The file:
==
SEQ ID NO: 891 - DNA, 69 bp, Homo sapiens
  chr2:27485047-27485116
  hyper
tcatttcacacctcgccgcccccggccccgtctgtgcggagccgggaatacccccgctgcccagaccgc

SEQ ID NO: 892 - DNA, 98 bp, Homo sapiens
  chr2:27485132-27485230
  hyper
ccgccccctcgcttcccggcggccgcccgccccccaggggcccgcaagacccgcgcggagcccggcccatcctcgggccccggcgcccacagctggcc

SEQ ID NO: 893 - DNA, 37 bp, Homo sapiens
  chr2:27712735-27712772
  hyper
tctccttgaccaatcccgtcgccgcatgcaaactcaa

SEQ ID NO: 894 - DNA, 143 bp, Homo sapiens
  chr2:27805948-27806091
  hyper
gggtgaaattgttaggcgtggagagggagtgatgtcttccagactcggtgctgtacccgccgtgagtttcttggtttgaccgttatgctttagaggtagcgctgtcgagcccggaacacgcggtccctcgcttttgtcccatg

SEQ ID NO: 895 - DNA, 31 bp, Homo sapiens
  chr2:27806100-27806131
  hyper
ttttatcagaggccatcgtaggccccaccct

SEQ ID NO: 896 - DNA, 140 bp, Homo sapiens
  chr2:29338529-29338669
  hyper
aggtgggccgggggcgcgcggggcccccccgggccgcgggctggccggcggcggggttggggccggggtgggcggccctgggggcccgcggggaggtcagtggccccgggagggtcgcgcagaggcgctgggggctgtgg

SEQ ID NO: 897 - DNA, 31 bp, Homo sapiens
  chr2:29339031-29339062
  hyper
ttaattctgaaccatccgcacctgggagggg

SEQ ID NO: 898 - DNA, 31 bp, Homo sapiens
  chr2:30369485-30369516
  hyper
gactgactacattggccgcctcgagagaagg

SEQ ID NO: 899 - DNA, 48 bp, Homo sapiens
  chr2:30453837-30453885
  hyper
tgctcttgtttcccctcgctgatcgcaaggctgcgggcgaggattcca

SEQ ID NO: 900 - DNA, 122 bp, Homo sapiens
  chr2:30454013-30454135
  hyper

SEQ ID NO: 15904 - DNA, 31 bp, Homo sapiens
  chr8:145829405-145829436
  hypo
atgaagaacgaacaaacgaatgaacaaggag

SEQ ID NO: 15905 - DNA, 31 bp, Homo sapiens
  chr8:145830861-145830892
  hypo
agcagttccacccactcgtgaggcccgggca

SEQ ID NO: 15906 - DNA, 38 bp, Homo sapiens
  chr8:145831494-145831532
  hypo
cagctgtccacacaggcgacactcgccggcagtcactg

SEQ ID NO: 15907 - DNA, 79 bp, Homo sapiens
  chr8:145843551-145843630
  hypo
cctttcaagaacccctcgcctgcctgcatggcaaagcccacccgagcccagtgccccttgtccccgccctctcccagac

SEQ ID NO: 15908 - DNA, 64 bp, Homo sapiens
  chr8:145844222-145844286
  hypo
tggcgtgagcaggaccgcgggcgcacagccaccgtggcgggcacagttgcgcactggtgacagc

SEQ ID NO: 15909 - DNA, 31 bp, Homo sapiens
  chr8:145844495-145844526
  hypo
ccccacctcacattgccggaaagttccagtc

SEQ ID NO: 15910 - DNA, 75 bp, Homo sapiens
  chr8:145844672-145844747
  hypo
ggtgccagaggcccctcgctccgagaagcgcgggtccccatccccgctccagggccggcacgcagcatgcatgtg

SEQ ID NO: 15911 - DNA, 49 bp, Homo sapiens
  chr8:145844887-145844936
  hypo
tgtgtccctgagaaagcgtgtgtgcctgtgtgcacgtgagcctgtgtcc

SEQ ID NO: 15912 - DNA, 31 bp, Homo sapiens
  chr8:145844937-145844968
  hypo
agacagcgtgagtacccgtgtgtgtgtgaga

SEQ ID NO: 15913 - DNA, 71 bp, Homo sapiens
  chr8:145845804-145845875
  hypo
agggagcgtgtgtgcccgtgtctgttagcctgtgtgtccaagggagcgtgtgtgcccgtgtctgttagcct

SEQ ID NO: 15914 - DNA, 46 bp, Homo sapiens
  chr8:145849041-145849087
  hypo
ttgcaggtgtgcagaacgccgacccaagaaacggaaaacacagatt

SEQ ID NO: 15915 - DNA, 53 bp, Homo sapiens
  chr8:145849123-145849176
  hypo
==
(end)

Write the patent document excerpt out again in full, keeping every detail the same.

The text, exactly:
SEQ ID NO: 891 - DNA, 69 bp, Homo sapiens
  chr2:27485047-27485116
  hyper
tcatttcacacctcgccgcccccggccccgtctgtgcggagccgggaatacccccgctgcccagaccgc

SEQ ID NO: 892 - DNA, 98 bp, Homo sapiens
  chr2:27485132-27485230
  hyper
ccgccccctcgcttcccggcggccgcccgccccccaggggcccgcaagacccgcgcggagcccggcccatcctcgggccccggcgcccacagctggcc

SEQ ID NO: 893 - DNA, 37 bp, Homo sapiens
  chr2:27712735-27712772
  hyper
tctccttgaccaatcccgtcgccgcatgcaaactcaa

SEQ ID NO: 894 - DNA, 143 bp, Homo sapiens
  chr2:27805948-27806091
  hyper
gggtgaaattgttaggcgtggagagggagtgatgtcttccagactcggtgctgtacccgccgtgagtttcttggtttgaccgttatgctttagaggtagcgctgtcgagcccggaacacgcggtccctcgcttttgtcccatg

SEQ ID NO: 895 - DNA, 31 bp, Homo sapiens
  chr2:27806100-27806131
  hyper
ttttatcagaggccatcgtaggccccaccct

SEQ ID NO: 896 - DNA, 140 bp, Homo sapiens
  chr2:29338529-29338669
  hyper
aggtgggccgggggcgcgcggggcccccccgggccgcgggctggccggcggcggggttggggccggggtgggcggccctgggggcccgcggggaggtcagtggccccgggagggtcgcgcagaggcgctgggggctgtgg

SEQ ID NO: 897 - DNA, 31 bp, Homo sapiens
  chr2:29339031-29339062
  hyper
ttaattctgaaccatccgcacctgggagggg

SEQ ID NO: 898 - DNA, 31 bp, Homo sapiens
  chr2:30369485-30369516
  hyper
gactgactacattggccgcctcgagagaagg

SEQ ID NO: 899 - DNA, 48 bp, Homo sapiens
  chr2:30453837-30453885
  hyper
tgctcttgtttcccctcgctgatcgcaaggctgcgggcgaggattcca

SEQ ID NO: 900 - DNA, 122 bp, Homo sapiens
  chr2:30454013-30454135
  hyper

SEQ ID NO: 15904 - DNA, 31 bp, Homo sapiens
  chr8:145829405-145829436
  hypo
atgaagaacgaacaaacgaatgaacaaggag

SEQ ID NO: 15905 - DNA, 31 bp, Homo sapiens
  chr8:145830861-145830892
  hypo
agcagttccacccactcgtgaggcccgggca

SEQ ID NO: 15906 - DNA, 38 bp, Homo sapiens
  chr8:145831494-145831532
  hypo
cagctgtccacacaggcgacactcgccggcagtcactg

SEQ ID NO: 15907 - DNA, 79 bp, Homo sapiens
  chr8:145843551-145843630
  hypo
cctttcaagaacccctcgcctgcctgcatggcaaagcccacccgagcccagtgccccttgtccccgccctctcccagac

SEQ ID NO: 15908 - DNA, 64 bp, Homo sapiens
  chr8:145844222-145844286
  hypo
tggcgtgagcaggaccgcgggcgcacagccaccgtggcgggcacagttgcgcactggtgacagc

SEQ ID NO: 15909 - DNA, 31 bp, Homo sapiens
  chr8:145844495-145844526
  hypo
ccccacctcacattgccggaaagttccagtc

SEQ ID NO: 15910 - DNA, 75 bp, Homo sapiens
  chr8:145844672-145844747
  hypo
ggtgccagaggcccctcgctccgagaagcgcgggtccccatccccgctccagggccggcacgcagcatgcatgtg

SEQ ID NO: 15911 - DNA, 49 bp, Homo sapiens
  chr8:145844887-145844936
  hypo
tgtgtccctgagaaagcgtgtgtgcctgtgtgcacgtgagcctgtgtcc

SEQ ID NO: 15912 - DNA, 31 bp, Homo sapiens
  chr8:145844937-145844968
  hypo
agacagcgtgagtacccgtgtgtgtgtgaga

SEQ ID NO: 15913 - DNA, 71 bp, Homo sapiens
  chr8:145845804-145845875
  hypo
agggagcgtgtgtgcccgtgtctgttagcctgtgtgtccaagggagcgtgtgtgcccgtgtctgttagcct

SEQ ID NO: 15914 - DNA, 46 bp, Homo sapiens
  chr8:145849041-145849087
  hypo
ttgcaggtgtgcagaacgccgacccaagaaacggaaaacacagatt

SEQ ID NO: 15915 - DNA, 53 bp, Homo sapiens
  chr8:145849123-145849176
  hypo